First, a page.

The Great Barrington Declaration, a petition started by Professor Martin Kulldorff, Professor Sunetra Gupta and Professor Jay Bhattacharya calling for a strategy of “Focused Protection” (protect the elderly and the vulnerable and let everyone else get on with life), was launched in October and the lockdown zealots have been doing their best to discredit it ever since. If you googled it a week after launch, the top hits were three smear pieces from the Guardian, including: “Herd immunity letter signed by fake experts including ‘Dr Johnny Bananas’.” (Freddie Sayers at UnHerd warned us about this the day before it appeared.) On the bright side, Google UK has stopped shadow banning it, so the actual Declaration now tops the search results – and Toby’s Spectator piece about the attempt to suppress it is among the top hits – although discussion of it has been censored by Reddit. In February, Facebook deleted the GBD’s page because it “goes against our community standards”. The reason the zealots hate it, of course, is that it gives the lie to their claim that “the science” only supports their strategy. These three scientists are every bit as eminent – more eminent – than the pro-lockdown fanatics so expect no let up in the attacks. (Wikipedia has also done a smear job.)
You can find it here. Please sign it. Now over three quarters of a million signatures.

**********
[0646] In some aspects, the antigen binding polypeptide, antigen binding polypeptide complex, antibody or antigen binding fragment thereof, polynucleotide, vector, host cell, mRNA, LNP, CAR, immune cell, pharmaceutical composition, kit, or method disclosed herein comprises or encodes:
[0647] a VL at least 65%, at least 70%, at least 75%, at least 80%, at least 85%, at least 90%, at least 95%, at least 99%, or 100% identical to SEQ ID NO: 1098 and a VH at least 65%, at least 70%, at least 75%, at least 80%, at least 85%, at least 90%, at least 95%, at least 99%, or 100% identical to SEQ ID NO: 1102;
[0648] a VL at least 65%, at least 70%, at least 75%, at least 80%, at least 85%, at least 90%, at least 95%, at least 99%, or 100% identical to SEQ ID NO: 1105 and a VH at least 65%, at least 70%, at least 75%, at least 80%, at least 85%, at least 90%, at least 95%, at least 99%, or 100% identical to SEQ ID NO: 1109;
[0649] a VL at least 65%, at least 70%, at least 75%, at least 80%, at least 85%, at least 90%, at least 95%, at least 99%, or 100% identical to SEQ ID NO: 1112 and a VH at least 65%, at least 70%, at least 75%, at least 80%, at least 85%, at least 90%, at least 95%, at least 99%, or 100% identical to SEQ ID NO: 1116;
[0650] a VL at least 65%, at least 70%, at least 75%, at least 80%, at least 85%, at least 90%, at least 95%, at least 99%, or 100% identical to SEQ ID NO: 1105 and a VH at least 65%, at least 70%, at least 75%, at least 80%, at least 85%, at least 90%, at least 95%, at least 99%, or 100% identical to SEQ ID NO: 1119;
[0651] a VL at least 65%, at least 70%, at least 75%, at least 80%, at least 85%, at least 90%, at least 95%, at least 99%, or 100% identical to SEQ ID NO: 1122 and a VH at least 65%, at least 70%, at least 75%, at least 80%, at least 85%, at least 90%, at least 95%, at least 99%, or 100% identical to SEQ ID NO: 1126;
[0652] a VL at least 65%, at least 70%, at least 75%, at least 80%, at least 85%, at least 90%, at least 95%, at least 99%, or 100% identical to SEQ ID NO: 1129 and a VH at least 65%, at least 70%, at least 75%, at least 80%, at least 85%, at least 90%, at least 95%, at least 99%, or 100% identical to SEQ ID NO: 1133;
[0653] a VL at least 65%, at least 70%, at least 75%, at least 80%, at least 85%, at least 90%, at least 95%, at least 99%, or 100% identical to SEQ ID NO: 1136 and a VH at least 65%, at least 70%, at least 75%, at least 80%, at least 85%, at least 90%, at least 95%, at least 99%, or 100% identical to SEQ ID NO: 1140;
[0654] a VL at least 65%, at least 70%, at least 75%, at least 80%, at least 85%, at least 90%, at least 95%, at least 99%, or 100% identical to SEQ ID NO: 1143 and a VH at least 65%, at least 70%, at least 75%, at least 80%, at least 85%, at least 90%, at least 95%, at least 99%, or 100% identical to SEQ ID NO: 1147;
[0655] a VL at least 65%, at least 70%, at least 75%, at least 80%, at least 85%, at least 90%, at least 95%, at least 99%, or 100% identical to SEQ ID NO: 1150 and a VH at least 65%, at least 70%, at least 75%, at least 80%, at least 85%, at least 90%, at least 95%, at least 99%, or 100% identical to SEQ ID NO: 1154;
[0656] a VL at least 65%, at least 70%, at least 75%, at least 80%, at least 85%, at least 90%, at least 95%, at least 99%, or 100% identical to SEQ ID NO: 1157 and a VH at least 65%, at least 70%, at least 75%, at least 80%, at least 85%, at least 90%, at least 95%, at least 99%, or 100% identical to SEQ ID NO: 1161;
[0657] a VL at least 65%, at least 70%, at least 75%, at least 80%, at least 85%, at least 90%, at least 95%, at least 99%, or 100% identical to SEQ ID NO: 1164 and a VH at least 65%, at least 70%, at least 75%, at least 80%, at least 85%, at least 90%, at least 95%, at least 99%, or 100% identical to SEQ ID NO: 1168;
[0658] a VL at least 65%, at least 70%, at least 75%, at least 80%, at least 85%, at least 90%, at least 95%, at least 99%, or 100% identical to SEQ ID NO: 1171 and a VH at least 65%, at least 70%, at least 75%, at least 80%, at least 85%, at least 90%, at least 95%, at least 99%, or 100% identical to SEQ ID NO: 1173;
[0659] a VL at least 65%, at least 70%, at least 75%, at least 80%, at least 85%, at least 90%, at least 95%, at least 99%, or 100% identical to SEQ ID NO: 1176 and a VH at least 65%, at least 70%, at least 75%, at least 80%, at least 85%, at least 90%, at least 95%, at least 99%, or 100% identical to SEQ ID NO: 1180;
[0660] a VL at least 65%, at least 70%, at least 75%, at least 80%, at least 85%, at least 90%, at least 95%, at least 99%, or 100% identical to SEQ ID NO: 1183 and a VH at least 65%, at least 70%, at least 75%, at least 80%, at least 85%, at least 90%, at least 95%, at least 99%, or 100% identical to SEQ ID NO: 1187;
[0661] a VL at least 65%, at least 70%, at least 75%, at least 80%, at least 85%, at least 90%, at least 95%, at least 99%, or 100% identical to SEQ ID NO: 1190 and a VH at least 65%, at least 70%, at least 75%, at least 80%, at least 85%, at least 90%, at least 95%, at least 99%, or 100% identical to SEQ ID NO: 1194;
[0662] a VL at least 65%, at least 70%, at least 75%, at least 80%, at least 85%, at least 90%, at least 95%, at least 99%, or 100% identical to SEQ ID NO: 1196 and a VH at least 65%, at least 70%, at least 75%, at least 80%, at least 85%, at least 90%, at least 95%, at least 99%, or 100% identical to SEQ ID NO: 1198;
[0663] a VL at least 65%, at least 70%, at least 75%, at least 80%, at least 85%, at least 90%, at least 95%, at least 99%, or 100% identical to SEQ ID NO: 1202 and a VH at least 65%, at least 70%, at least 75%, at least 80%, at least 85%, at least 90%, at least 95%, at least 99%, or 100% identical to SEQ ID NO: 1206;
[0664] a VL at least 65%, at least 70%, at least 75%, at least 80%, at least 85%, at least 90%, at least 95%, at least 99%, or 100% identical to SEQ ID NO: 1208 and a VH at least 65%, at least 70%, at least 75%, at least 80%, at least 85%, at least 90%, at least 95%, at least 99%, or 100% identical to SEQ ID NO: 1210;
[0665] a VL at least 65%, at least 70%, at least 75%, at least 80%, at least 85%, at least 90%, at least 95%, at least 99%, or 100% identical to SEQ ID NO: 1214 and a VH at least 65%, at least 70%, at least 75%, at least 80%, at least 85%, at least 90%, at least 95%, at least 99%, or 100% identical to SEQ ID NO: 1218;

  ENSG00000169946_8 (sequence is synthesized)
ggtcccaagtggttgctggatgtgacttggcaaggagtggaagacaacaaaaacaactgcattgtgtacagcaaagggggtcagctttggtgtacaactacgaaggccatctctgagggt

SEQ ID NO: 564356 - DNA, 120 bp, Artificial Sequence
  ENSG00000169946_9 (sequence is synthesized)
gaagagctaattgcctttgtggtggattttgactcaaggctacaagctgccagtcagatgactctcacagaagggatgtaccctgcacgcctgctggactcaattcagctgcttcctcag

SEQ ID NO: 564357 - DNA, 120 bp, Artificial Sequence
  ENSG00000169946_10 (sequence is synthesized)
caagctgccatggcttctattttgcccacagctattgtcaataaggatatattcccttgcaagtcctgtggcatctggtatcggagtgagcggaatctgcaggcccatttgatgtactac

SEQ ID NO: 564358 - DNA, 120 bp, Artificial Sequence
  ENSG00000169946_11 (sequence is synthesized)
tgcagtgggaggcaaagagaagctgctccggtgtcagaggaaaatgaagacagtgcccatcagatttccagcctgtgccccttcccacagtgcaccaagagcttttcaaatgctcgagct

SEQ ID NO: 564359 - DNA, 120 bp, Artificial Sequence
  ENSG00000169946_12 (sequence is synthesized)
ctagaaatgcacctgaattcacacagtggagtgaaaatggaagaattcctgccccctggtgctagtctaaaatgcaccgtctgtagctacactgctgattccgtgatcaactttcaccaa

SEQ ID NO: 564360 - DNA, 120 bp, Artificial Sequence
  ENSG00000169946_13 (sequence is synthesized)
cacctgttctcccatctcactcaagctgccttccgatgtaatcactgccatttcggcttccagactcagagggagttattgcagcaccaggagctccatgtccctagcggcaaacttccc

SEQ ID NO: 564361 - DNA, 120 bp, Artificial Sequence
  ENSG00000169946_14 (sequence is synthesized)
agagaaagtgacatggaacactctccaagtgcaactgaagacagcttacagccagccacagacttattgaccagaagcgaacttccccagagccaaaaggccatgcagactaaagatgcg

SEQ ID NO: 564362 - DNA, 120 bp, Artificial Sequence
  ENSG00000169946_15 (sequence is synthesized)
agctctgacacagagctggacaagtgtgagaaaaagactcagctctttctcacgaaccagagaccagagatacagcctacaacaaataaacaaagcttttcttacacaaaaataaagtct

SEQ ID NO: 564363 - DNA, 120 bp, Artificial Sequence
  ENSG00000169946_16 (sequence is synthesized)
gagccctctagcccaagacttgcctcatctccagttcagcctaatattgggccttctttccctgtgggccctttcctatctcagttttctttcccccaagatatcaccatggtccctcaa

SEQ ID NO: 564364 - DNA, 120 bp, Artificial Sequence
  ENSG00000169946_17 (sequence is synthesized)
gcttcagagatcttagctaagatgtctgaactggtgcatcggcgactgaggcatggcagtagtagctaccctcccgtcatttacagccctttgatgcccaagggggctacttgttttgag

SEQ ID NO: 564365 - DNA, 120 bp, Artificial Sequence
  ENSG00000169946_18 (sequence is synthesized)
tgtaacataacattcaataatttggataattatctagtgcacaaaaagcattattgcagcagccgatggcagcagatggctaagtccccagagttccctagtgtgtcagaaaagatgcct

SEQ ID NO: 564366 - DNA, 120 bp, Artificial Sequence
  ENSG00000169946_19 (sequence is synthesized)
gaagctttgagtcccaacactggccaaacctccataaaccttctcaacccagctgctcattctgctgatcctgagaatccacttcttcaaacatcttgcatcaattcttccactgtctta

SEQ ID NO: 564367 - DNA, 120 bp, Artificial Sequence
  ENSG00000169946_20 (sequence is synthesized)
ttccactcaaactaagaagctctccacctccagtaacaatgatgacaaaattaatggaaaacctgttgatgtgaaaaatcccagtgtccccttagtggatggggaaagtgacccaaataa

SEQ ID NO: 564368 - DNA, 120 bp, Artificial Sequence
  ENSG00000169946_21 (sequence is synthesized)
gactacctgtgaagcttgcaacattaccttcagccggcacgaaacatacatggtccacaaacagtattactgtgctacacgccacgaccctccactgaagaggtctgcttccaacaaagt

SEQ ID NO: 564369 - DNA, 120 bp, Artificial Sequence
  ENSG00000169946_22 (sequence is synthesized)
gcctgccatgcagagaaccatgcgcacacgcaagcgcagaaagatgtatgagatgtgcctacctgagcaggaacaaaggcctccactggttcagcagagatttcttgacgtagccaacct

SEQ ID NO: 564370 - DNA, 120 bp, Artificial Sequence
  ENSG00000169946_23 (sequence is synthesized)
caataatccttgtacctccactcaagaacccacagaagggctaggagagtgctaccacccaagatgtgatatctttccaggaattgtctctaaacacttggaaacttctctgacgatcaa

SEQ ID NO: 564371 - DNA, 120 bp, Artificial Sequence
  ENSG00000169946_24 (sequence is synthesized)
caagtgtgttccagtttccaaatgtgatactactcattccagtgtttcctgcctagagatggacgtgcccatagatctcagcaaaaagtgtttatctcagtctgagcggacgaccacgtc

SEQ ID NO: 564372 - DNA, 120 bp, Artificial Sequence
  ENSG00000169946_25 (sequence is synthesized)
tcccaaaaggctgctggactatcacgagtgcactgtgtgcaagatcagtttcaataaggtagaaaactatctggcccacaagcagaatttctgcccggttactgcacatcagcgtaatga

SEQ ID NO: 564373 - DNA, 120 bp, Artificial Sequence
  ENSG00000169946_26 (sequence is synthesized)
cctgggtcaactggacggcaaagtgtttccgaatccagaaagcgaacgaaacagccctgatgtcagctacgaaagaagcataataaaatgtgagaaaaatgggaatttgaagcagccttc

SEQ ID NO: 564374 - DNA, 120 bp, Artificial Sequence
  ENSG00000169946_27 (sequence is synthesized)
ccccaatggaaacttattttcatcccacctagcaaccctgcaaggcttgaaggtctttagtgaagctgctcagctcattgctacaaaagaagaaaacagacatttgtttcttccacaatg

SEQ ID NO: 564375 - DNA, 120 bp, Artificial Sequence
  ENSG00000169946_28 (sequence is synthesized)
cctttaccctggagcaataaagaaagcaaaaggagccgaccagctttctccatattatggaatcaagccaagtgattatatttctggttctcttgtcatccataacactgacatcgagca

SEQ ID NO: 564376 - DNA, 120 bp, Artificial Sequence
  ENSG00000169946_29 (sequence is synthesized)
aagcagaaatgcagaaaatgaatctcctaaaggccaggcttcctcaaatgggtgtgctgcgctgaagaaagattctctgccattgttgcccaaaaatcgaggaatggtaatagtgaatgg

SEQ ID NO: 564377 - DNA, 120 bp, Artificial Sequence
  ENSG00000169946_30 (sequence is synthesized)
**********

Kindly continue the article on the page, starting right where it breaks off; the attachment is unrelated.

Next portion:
Update: The authors of the GBD have expanded the FAQs to deal with some of the arguments and smears that have been made against their proposal. Worth reading in full.
Update 2: Many of the signatories of the Great Barrington Declaration are involved with new UK anti-lockdown campaign Recovery. Find out more and join here.
Update 3: You can watch Sunetra Gupta set out the case for “Focused Protection” here and Jay Bhattacharya make it here.
Update 4: The three GBD authors plus Prof Carl Heneghan of CEBM have launched a new website collateralglobal.org, “a global repository for research into the collateral effects of the COVID-19 lockdown measures”. Follow Collateral Global on Twitter here. Sign up to the newsletter here.
Judicial Reviews Against the Government
There are now so many legal cases being brought against the Government and its ministers we thought we’d include them all in one place down here.
The Simon Dolan case has now reached the end of the road. The current lead case is the Robin Tilbrook case which challenges whether the Lockdown Regulations are constitutional, although that case, too, has been refused permission to proceed. There’s still one more thing that can be tried. You can read about that and contribute here.
The GoodLawProject and three MPs – Debbie Abrahams, Caroline Lucas and Layla Moran – brought a Judicial Review against Matt Hancock for failing to publish details of lucrative contracts awarded by his department and it was upheld. The Court ruled Hancock had acted unlawfully.